News 24 and ABC will have live coverage from 10:00am AEDT.
You can make sure you’re the first to know the winner by signing up to our US election alerts on Facebook Messenger or via the ABC app.Otherwise, here are the key times you need to know and the states you need to watch as we await a winner:
Tuesday, 4pm AEDT
At midnight local time, eight ballots were cast in Dixville Notch, New Hampshire.The results were: four votes for Hillary Clinton, two for Donald Trump, one for Libertarian candidate Gary Johnson, and one for 2012 Republican candidate Mitt Romney (via a write-in).
Tuesday, 10pm AEDT
Polls open in some states on the east coast.
Depending on the state, polling booths will open between 6am and 7am local time and close between 7pm and 8pm. (If you’re in line when polls close, you still get to vote.)Fun fact: there are six different time zones across the United States, but just to make things nice and complex there are 13 states operating with split time zones.The point is, most voting will take place overnight Tuesday, Australian time.
Wednesday, 11am AEDT
Polling stations will start to close in eastern states.
Once the polls have closed, there will be a projection for each state based on opinion polls taken throughout the day. They are a good indication of the results but not always correct.
The key results to watch out for at this time are from swing states Florida, New Hampshire and Virginia.
Wednesday, 11:30am AEDT
Polls close in two more battleground states — North Carolina and Ohio. Mr Trump’s best chance at victory is seen as more or less requiring a win from either Ohio or Florida, if not both.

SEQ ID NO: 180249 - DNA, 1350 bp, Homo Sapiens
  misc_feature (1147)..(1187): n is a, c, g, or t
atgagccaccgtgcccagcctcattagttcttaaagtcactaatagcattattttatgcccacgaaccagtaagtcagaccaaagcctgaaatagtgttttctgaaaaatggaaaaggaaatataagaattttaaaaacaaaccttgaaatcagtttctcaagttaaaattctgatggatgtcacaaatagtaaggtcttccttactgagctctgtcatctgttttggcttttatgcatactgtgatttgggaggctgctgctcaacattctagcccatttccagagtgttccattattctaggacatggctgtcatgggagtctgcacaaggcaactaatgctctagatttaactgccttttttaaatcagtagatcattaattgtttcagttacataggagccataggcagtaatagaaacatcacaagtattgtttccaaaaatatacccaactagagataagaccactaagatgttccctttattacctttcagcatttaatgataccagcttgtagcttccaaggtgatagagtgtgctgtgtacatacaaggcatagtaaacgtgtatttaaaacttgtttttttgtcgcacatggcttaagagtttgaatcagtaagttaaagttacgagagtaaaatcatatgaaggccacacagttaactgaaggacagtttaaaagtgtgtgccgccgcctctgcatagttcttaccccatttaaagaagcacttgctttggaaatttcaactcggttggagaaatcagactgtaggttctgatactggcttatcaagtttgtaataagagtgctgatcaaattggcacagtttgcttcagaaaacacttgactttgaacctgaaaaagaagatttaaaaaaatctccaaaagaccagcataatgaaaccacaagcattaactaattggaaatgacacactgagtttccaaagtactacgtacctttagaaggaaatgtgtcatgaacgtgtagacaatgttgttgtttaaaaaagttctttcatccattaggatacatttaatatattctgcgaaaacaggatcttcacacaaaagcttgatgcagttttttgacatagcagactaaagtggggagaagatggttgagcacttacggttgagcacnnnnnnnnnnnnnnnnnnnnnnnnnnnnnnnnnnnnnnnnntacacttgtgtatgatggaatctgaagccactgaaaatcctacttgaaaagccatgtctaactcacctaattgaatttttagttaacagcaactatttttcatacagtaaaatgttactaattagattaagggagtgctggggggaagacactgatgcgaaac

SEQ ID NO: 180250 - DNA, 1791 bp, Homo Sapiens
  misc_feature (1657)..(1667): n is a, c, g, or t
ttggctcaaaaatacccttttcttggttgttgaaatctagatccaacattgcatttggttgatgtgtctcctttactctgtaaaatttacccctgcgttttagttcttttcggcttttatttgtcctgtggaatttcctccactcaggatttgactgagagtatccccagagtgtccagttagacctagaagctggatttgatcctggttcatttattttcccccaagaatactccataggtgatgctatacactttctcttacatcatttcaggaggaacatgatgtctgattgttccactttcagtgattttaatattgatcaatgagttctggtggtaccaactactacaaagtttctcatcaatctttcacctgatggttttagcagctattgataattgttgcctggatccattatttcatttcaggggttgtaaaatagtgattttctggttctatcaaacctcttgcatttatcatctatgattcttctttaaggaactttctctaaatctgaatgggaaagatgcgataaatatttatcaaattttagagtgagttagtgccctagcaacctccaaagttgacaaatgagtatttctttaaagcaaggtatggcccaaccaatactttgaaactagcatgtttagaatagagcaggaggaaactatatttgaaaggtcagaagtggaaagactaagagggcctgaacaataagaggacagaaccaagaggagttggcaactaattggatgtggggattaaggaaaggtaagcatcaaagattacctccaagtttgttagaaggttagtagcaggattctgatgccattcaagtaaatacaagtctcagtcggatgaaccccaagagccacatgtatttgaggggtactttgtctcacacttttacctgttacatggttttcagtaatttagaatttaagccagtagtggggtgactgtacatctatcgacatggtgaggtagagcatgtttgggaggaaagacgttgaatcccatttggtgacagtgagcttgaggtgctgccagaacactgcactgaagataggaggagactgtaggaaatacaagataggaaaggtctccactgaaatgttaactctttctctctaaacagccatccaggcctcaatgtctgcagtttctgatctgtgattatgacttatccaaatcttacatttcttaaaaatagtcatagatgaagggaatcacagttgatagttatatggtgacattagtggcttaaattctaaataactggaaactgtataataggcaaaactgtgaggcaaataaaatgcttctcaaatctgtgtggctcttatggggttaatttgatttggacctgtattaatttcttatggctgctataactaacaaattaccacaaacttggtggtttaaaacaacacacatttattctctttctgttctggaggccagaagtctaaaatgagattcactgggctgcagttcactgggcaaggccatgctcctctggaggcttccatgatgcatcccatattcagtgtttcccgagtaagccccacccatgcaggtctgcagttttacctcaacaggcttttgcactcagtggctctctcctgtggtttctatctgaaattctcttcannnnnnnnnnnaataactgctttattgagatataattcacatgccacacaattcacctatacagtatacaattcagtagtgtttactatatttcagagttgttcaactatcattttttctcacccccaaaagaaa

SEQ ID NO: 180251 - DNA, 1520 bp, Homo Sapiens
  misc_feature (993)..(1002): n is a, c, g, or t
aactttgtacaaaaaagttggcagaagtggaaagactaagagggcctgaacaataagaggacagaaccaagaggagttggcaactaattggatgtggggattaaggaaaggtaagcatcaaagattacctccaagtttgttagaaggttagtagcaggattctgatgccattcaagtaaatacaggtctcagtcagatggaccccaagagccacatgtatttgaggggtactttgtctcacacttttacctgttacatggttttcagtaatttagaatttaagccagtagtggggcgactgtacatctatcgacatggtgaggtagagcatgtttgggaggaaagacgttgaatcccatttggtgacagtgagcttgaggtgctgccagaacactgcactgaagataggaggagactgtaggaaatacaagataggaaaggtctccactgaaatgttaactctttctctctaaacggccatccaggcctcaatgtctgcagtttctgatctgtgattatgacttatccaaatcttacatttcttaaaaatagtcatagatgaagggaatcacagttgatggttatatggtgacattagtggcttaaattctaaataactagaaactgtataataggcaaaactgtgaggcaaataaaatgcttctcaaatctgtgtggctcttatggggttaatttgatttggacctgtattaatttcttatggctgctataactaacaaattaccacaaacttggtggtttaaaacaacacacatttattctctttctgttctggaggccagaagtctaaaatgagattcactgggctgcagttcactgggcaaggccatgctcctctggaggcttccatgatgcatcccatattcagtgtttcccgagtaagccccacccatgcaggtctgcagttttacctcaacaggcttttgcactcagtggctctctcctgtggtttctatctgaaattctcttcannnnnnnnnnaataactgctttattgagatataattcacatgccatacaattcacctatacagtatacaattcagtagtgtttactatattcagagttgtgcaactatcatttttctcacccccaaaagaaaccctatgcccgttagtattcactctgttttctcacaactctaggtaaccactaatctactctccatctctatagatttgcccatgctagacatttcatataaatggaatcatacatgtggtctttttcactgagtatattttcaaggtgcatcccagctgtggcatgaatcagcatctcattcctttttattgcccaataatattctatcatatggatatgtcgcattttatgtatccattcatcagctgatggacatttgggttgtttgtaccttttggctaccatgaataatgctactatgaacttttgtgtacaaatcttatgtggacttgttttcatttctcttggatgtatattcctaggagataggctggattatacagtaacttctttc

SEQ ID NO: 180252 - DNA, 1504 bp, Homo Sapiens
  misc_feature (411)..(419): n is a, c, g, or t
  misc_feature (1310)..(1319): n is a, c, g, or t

In other words, this is when we might get an indication of how well Mr Trump is faring.
Wednesday, 12pm AEDT
Polls close in 18 states, the most important being Pennsylvania.
This is also when the final polls close in Florida (it’s one of the states with a split time zone), so we might not get those projections until this time.
Wednesday, 1pm AEDT
Polls close in 10 states, including Wisconsin and swing state Colorado.
While Mrs Clinton is considered the favourite to win Wisconsin, a Trump upset there would point to a tight race across the board.
The final polls close at this time in Texas which has been solidly Republican, but which Democrats were hoping an increased migrant turnout might turn in their favour. If that happens, it would be a huge result.
Wednesday, 2pm AEDT
Voting ends in swing states Nevada and Iowa and three others seen as safe Republican territory.
If Mr Trump doesn’t win Iowa, he’s seen as being pretty much done. Although by this time, we should have a decent idea of how the night has played out.
Wednesday, 3pm AEDT
Voting closes in states on the west coast, including California, which is very much safe ground for Mrs Clinton.
Polls close in Alaska at 5pm AEDT, but it is a small state so it is unlikely to affect the outcome.
When will the winner be named?
The close of the polls on the west coast (i.e. 3pm AEDT) will be the first opportunity for the election to be “called”. The US television networks and cable channels nowadays generally agree to wait until this time to declare a winner so as not to affect voting turnout in those states.